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Number of human trafficking victims in Ireland rose for third consecutive year

Sexual exploitation is most common but there has been an increase in the proportion of labour exploitation being detected.

Image: Yupa Watchanakit via Shutterstock

THE NUMBER OF human trafficking victims rose for the third consecutive year to 95 in 2016.

The Trafficking in Human Beings in Ireland report found that female victims (50) outnumber males (45) and that sexual exploitation is most common.

However, there has been a gradual increase in the proportion of labour exploitation being detected, which has involved mostly men.

There were 52 cases of sexual exploitation last year – 43 women and 9 men – and there were 38 cases of labour exploitation – 6 women and 32 men.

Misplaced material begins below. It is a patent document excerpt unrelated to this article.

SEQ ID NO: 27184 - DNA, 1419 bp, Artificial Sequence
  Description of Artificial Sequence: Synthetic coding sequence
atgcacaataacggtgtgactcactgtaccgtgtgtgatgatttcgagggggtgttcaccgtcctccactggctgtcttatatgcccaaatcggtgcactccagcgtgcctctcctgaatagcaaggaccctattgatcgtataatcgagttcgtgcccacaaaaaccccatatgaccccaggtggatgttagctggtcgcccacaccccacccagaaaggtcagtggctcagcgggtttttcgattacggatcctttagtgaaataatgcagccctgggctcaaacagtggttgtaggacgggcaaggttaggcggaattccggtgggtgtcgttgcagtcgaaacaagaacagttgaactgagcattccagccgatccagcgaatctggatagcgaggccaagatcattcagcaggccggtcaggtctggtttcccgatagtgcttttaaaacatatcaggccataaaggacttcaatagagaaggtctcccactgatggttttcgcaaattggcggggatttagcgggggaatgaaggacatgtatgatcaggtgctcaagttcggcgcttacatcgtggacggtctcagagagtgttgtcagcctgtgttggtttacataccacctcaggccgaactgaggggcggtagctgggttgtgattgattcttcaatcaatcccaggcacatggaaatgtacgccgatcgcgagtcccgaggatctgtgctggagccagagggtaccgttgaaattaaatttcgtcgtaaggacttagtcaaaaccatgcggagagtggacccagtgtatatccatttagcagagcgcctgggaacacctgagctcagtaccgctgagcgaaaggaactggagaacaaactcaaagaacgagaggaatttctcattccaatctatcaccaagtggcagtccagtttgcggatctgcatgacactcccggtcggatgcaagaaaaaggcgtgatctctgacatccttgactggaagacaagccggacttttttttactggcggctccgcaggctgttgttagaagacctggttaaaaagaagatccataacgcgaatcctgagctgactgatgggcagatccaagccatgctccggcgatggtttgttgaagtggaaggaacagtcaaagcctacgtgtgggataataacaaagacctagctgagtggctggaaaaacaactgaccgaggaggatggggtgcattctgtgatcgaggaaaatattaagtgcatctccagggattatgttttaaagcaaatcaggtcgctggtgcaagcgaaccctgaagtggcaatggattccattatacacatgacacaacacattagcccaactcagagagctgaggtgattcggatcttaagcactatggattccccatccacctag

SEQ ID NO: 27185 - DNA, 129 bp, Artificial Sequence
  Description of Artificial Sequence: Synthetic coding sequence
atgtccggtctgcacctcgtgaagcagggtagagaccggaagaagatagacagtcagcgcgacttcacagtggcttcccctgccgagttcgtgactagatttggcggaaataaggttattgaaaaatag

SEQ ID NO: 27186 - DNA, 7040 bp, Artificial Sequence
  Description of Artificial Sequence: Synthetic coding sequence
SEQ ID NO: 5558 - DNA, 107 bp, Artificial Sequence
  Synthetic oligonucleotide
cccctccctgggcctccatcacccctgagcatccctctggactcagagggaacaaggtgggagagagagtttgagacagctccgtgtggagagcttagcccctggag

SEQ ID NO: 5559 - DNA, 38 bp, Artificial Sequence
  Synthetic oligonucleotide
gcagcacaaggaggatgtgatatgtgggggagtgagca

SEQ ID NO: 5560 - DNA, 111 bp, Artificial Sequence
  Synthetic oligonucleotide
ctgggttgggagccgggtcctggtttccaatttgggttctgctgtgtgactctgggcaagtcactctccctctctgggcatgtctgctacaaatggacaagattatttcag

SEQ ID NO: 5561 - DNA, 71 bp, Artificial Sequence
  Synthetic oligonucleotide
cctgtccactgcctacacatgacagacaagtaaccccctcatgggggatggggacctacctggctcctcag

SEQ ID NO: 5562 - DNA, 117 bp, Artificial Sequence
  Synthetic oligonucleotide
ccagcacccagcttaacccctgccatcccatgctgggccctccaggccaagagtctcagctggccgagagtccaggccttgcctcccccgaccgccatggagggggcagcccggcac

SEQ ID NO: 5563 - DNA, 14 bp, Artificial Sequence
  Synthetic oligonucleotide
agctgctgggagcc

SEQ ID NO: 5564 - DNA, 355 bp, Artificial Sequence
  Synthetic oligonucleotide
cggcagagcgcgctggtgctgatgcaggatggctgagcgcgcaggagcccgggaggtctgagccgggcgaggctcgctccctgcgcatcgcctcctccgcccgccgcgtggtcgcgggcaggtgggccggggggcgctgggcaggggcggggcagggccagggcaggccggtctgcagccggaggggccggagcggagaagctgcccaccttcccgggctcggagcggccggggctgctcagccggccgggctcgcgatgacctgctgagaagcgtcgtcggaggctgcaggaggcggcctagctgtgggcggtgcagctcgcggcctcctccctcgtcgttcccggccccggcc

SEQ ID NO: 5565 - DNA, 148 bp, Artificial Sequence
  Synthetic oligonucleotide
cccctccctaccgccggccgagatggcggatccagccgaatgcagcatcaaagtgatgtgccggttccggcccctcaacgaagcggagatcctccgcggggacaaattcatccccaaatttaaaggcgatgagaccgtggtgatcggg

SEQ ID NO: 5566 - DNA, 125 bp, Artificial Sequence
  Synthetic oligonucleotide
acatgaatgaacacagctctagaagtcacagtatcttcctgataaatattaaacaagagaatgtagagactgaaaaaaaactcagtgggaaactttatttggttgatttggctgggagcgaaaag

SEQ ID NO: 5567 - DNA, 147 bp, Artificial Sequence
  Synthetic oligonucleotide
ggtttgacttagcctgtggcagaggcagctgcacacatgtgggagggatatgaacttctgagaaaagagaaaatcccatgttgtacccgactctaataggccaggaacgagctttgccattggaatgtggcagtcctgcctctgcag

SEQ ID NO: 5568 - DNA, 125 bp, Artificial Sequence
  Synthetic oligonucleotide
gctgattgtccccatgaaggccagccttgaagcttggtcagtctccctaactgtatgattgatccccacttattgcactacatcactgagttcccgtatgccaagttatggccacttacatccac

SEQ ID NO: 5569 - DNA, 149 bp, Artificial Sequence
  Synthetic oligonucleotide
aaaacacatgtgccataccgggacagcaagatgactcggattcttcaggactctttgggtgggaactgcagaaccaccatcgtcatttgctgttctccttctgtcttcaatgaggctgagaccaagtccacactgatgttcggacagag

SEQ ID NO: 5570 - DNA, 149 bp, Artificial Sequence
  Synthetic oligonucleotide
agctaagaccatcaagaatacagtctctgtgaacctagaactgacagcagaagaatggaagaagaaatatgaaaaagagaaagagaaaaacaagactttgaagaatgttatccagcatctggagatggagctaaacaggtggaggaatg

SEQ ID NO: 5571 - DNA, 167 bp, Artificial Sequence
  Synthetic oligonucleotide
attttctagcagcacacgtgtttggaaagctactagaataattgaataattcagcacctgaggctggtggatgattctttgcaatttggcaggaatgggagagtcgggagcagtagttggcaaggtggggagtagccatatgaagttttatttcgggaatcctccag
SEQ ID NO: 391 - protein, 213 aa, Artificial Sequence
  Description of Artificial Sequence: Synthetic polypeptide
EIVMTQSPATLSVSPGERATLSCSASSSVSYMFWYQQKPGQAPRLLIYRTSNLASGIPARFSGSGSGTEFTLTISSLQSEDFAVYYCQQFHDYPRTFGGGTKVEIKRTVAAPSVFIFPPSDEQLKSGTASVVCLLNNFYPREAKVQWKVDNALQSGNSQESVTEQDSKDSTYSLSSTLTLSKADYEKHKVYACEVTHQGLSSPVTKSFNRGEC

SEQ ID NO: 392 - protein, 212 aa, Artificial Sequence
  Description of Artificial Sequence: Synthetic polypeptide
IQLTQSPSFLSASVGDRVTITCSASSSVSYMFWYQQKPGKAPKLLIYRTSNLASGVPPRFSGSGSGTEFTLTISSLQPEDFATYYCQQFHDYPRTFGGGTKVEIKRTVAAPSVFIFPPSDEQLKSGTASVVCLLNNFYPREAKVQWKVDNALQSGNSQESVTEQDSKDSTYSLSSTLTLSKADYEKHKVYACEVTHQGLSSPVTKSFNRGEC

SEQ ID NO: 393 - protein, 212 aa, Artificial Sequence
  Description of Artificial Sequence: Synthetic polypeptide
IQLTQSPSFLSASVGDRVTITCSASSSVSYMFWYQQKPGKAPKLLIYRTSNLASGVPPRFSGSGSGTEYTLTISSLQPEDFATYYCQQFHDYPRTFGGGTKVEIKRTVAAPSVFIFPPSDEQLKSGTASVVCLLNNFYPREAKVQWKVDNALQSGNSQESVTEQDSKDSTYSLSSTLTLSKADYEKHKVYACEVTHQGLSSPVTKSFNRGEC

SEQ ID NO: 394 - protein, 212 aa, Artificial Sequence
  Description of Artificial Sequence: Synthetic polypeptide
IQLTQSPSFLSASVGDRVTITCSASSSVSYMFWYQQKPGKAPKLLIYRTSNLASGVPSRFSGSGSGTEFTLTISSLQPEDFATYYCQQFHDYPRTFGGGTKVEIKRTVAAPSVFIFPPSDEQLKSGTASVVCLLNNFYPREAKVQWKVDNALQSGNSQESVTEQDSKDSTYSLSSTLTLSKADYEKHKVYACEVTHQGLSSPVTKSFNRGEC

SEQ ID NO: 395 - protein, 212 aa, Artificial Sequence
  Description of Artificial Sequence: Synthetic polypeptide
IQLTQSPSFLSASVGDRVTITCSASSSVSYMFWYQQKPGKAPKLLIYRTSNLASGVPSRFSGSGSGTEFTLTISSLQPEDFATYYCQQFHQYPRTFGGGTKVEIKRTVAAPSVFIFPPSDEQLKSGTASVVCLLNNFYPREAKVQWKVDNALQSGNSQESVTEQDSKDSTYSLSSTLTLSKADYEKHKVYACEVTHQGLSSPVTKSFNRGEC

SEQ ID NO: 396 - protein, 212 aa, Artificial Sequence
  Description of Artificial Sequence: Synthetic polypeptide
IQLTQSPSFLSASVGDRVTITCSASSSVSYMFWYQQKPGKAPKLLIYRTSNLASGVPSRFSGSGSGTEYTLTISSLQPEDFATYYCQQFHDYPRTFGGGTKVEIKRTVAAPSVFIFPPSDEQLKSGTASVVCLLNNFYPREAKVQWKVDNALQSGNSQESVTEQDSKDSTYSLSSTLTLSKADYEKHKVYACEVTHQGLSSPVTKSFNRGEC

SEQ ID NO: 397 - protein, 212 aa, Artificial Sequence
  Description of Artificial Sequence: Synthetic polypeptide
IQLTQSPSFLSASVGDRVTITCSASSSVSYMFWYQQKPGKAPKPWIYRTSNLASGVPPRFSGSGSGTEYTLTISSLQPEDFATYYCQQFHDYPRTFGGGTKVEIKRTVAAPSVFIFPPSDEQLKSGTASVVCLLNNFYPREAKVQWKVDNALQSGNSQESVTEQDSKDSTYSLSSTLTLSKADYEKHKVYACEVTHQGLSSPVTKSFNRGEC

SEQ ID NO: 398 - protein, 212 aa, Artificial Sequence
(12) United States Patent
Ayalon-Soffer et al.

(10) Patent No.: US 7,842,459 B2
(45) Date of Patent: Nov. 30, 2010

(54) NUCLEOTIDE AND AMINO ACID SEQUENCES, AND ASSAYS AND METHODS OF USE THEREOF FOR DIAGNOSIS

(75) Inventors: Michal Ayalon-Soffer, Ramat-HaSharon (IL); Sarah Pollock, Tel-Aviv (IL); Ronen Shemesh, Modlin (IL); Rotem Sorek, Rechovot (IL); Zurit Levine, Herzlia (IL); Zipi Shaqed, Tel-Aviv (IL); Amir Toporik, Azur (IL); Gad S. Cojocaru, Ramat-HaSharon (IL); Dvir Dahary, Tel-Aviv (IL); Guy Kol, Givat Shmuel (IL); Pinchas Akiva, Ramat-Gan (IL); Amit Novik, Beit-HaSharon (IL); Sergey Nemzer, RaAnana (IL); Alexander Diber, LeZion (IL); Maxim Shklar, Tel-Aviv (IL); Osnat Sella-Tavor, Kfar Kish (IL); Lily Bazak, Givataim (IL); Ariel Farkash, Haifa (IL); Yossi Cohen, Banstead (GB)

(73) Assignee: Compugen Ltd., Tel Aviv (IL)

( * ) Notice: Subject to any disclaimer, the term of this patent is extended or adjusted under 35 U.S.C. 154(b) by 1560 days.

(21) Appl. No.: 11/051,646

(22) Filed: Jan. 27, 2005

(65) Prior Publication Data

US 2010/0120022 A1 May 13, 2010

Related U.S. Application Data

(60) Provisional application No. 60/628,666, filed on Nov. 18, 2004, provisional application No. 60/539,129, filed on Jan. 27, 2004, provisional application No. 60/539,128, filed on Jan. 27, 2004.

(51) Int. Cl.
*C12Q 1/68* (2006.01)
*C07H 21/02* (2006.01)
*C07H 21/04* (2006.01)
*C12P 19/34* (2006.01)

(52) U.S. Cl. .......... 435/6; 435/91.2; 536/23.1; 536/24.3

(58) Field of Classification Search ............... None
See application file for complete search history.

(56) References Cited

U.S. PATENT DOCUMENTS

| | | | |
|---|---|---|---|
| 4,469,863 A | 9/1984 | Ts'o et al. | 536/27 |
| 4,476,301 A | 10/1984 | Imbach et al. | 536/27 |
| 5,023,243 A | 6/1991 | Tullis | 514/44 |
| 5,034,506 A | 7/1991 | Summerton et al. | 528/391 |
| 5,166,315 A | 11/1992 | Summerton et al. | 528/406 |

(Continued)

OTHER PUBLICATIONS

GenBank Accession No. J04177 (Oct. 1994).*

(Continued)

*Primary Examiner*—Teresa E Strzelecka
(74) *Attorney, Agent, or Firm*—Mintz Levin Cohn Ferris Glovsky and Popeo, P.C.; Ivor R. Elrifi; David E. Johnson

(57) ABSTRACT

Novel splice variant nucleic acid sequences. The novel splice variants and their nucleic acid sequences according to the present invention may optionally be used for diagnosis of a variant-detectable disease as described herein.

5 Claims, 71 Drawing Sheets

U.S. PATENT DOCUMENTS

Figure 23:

There were also four cases of forced criminality, all men, and one case of sexual and labour exploitation, which was a woman.

The report also noted that Ireland’s experience of human trafficking is broadly similar to that of the EU as a whole.

Publishing the report, the Minister for Justice Charlie Flanagan said:

Human trafficking is a crime hidden in plain sight, perpetrated on society’s most vulnerable and is taking place in communities throughout the country.

“We are sending a strong message to criminals who seek to traffic and exploit vulnerable people: strong laws are in place, detections are increasing, and perpetrators will pay a high price for their heinous behaviour.

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“Human trafficking is a clandestine activity and I am encouraging members of the public to notify gardaí if they fear a person is the victim of human trafficking.”

It is expected that comparative data for 2017 will be made available at the  mid-year stage in 2018.

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